edited 02-25: I thank @Anthon for his replies. I still do not, however, understand the meaning or the how of "pinging" ("Once you update your Q, ping the commenters..."). I also do not understand the meaning of "If you don't know what he means ask him in a comment under his" (?). I do hope he and the others excuse the fact that I've not contacted them directly about this updated question.

As well, thank you @Jenny D for your (patient and clear) instructions and information. I've printed them out and will use.

@ganessh: It is a NTFS drive

@Zelda - I pulled the drive because the computer in which it was installed had a failing (well, failed) motherboard, and I needed to get to the data. I had no problems with the drive when it was still in the (alive) computer.

@Babin Ionston-I downloaded the ntfs3g pkg (and vague instructions) but am having a difficult time with the installation. I will however, keep trying, and if unsuccessful, will write down the challenges and bring the question here.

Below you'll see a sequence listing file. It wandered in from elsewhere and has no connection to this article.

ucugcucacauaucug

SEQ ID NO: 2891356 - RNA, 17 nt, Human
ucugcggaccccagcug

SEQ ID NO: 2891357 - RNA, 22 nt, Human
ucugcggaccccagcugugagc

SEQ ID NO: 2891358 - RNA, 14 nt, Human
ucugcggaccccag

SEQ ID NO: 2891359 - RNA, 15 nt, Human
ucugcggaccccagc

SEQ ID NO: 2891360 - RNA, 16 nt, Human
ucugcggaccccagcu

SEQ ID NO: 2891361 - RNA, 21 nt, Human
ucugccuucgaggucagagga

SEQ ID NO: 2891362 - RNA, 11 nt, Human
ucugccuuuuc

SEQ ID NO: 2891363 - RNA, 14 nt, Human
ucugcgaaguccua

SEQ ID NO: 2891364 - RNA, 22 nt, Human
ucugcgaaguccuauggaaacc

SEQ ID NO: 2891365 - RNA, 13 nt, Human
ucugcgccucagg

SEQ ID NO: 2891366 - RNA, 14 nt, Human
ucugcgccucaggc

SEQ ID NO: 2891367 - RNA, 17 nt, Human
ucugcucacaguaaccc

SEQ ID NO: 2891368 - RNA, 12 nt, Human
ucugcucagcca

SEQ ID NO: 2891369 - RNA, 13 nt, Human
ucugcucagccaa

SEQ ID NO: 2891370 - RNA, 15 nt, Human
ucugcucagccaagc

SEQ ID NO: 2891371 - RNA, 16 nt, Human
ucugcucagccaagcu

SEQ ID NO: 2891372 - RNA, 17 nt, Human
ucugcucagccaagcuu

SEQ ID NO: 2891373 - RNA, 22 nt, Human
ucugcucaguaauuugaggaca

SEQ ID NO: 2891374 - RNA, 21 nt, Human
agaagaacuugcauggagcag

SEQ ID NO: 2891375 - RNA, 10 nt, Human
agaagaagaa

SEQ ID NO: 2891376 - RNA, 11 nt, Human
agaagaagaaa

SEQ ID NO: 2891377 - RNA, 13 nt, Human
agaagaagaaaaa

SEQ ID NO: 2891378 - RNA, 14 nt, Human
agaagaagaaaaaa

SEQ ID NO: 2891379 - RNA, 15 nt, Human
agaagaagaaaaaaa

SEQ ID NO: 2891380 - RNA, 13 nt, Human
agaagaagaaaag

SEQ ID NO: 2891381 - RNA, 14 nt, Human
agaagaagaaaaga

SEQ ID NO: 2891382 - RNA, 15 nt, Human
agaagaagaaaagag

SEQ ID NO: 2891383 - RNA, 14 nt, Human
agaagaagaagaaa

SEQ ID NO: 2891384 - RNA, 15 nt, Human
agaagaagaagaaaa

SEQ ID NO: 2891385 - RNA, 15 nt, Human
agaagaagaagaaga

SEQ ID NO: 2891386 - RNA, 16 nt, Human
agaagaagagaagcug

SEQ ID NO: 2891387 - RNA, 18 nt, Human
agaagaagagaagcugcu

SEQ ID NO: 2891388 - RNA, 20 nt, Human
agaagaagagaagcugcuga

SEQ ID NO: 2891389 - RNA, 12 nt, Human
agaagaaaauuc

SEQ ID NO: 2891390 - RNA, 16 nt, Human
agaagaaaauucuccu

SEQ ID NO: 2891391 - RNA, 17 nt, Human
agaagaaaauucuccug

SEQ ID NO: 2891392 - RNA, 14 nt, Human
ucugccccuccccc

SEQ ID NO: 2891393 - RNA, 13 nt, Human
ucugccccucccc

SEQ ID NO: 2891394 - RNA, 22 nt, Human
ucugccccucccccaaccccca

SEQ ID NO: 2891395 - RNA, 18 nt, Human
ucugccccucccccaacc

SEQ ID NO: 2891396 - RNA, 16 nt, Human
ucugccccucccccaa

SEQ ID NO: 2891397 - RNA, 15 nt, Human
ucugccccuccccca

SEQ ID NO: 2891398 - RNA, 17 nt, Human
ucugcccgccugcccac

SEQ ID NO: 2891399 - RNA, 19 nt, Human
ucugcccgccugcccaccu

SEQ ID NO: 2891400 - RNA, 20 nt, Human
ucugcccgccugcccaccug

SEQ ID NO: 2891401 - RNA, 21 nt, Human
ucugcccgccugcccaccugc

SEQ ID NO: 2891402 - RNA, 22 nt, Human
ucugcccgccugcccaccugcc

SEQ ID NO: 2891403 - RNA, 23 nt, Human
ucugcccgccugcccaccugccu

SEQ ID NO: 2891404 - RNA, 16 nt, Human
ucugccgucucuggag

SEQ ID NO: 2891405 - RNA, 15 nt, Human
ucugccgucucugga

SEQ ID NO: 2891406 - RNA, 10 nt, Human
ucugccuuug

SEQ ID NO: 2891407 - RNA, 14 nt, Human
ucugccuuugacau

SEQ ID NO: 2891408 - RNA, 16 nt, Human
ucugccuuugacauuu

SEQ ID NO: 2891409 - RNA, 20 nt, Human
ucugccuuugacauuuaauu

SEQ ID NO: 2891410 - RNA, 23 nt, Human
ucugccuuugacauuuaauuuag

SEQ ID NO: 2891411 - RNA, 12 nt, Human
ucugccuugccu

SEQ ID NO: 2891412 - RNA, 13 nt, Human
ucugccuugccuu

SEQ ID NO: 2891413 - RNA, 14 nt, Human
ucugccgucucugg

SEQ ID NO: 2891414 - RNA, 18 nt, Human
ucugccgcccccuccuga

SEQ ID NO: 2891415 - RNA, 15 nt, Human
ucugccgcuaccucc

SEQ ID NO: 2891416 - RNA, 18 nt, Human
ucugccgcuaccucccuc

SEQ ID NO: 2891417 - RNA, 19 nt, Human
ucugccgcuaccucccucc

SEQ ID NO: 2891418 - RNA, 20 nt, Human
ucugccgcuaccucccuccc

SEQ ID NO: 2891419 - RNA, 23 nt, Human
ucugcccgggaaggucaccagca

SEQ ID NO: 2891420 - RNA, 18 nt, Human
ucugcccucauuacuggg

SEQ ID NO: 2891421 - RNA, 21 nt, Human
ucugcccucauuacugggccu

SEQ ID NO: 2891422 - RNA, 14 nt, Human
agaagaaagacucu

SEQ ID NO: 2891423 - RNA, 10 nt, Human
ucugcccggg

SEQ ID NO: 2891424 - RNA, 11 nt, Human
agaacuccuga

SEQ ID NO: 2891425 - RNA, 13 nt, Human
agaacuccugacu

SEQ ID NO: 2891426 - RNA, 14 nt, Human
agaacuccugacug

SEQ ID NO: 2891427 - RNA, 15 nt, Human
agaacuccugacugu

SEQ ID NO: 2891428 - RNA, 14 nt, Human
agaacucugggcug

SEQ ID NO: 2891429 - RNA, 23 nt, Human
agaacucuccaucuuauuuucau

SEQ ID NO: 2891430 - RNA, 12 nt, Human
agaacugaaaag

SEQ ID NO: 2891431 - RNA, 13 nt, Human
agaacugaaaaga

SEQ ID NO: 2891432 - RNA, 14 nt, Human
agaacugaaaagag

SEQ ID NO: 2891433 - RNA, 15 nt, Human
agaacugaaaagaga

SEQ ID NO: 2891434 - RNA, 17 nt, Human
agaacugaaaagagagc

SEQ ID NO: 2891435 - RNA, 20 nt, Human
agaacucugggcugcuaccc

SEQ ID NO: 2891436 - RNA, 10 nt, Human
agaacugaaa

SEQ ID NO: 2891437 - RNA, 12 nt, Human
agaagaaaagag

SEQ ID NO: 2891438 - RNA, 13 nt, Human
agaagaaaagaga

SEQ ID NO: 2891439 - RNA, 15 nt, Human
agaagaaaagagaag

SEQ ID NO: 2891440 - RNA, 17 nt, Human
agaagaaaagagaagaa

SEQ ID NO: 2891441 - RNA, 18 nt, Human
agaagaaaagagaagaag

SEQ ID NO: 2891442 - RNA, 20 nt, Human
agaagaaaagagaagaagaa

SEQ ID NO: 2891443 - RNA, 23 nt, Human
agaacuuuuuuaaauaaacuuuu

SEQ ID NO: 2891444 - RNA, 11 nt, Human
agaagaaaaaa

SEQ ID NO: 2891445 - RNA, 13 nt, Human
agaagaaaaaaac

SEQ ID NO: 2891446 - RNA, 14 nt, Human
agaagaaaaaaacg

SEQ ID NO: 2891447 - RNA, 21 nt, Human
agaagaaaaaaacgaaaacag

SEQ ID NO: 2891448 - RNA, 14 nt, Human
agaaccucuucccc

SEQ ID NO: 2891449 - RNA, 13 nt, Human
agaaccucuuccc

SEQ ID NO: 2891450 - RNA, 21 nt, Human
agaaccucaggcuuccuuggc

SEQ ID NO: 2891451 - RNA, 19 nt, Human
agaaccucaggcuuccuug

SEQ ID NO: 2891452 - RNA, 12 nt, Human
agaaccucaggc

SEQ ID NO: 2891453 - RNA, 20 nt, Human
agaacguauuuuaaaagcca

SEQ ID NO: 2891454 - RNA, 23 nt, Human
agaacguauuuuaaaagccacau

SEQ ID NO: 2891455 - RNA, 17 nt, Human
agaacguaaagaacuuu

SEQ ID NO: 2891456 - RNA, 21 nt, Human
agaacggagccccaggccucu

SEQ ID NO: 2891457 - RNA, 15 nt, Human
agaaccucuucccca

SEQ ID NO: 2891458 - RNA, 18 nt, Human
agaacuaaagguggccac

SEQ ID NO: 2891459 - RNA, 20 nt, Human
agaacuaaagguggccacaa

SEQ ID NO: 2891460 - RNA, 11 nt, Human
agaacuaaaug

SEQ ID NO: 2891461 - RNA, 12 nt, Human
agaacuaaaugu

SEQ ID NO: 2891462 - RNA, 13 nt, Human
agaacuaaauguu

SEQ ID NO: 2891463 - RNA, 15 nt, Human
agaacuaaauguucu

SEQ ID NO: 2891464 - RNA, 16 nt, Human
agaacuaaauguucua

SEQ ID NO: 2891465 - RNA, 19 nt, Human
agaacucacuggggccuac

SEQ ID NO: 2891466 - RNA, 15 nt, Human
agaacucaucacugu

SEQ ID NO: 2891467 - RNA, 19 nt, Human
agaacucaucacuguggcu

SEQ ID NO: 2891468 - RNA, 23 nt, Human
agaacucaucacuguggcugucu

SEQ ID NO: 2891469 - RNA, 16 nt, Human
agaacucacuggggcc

It would be enormously beneficial for new members to receive a "write this/not that" message to make it very clear what information is needed by members to respond to a question (and I don't remember receiving such when I signed up, but perhaps I did). Although I'm quite honored with the patience shown by most of the folks who have responded to my question, I think doing so would save everyone time.

All: I will try out these suggestions (and instructions) and report back. Thank you.


I have a lot of files on an external hard drive that I wish to access on my (now) Linux-based computer. The computer is now running Mint 16 (Cinnamon). The drive is a SATA drive I pulled from my Windows computer. That computer ran Windows 7. The problems I experience are:

  1. The drive appears on my desktop, and all of the folders on it (I believe) do display in the folder list. I can access some folders quickly (and see the contents) but not others (including the folder with the files I need--mostly Word/Excel files). These files are in a folder that was formerly in the Users folder on my Windows computer.
  2. My computer freezes when I click on this file (and this is the largest folder--approx 12 GB) I see a spinning disk and (I think) the word "processing"above it. Then the computer locks up: the cursor freezes, or doesn't freeze, but I can't close the window. I receive a message (I think it says "accessing") and a spinning disk, but the files do not open, and the computer freezes. I then have to reboot.